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Until the Sadness Is Gone

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Album Review

Continuing Friendly Fire Records' somewhat belated catch-up on the prodigious output of Swedish indie poppers David & the Citizens, Until the Sadness Is Gone is a big step up from the somewhat spotty self-titled EP. (Two songs from that EP, "Graycoated Morning" and the winsome, jangly "Let's Not Fall Apart," are repeated here to no ill effect.) The band's obvious points of comparison are still valid, particularly late-era Elephant 6 bands like Of Montreal or Elf Power. Briskly strummed acoustic guitars, rat-a-tat drumming, and a smartly deployed horn section are the key elements in the arrangements, giving the album the crispness and urgency familiar to fans of older Swedish indie acts like the Wannadies and Eggstone, but Until the Sadness Is Gone lacks the airy, occasionally twee quality endemic to some of those bands. (Exhibit A: the Cardigans.) With his somewhat overstuffed, wordy lyrics and knack for smartly deployed bridges and key shifts, leader David Fridlund often recalls both the New Pornographers' Carl Newman and the Decemberists' Colin Meloy, but he's a less distinctive singer and lyricist than either. That said, breathless little indie pop rushes like the rhythmically inventive title track, with its maddeningly catchy bassline hook, and the Ted Leo-like ska-pop bounce and sarcastic lyrics of "Long Day" are hugely satisfying on their own merits.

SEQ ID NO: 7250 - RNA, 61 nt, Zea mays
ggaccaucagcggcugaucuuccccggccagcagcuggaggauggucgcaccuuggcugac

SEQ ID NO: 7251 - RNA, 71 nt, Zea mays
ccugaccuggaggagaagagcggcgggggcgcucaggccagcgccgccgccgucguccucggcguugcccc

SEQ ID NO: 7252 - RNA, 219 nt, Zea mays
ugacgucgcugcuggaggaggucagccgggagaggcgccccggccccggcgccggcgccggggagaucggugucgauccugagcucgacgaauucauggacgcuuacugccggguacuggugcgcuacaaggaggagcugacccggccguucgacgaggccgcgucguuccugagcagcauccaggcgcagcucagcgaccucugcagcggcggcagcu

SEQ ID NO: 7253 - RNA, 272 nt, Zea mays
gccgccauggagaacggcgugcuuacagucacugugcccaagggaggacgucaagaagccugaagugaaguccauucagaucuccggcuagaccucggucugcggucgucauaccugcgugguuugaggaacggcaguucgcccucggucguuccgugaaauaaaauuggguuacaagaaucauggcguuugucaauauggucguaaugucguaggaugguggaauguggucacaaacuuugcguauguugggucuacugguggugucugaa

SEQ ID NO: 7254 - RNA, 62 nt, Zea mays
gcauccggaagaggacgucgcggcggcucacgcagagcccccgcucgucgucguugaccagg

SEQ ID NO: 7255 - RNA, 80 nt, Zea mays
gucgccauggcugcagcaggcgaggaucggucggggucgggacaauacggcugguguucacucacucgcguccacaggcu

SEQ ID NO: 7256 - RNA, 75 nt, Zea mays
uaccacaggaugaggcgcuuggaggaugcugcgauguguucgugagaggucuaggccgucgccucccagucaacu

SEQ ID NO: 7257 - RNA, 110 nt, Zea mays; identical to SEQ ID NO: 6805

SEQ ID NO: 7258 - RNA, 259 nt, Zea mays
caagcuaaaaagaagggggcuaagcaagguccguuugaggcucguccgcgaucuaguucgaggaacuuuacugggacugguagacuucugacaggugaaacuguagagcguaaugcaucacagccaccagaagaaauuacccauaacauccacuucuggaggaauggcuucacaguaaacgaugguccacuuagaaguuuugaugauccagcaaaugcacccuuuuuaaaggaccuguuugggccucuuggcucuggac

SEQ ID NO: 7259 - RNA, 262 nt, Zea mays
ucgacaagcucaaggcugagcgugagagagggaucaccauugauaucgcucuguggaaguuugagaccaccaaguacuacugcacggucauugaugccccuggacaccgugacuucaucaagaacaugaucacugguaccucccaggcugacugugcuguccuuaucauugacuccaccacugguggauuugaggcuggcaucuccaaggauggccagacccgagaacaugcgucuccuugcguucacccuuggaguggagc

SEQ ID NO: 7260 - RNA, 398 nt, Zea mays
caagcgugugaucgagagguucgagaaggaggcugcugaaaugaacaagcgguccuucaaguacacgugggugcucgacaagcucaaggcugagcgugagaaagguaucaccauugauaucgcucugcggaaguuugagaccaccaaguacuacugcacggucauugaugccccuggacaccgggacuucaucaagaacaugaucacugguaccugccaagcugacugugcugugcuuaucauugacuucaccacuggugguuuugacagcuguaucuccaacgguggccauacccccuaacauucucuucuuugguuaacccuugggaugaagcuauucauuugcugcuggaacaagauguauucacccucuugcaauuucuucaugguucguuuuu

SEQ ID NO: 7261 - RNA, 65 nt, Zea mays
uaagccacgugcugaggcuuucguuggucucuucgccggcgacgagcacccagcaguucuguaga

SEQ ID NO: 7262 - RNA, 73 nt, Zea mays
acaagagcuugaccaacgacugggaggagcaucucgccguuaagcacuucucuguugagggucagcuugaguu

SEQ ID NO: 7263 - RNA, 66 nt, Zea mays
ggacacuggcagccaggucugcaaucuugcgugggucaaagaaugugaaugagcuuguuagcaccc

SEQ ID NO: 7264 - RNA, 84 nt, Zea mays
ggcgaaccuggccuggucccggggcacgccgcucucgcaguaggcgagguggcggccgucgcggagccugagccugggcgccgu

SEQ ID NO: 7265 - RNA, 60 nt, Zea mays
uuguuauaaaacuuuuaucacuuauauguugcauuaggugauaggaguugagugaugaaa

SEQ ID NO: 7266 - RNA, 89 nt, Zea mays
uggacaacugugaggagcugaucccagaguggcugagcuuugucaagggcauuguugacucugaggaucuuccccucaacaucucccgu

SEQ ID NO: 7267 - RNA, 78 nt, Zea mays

Formed: 1999 in Malmö, Sweden

Genre: Alternative

Years Active: '00s

Swedish indie pop band David & the Citizens was begun by vocalist/guitarist David Fridlund in 1999, who by 2000 recruited Conny Fridh (bass), Alexander Madsen (guitar), Mikael Carlsson (drums), and Magnus Bjerkert (trumpet). The band issued a handful of LPs and EPs (mostly on Swedish label Adrian) and found success in their home country (they received a nomination for a Swedish Grammy in 2004), though had not released anything in North America aside from Fridlund's solo album Amaterasu via Hidden...
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Until the Sadness Is Gone, David & The Citizens
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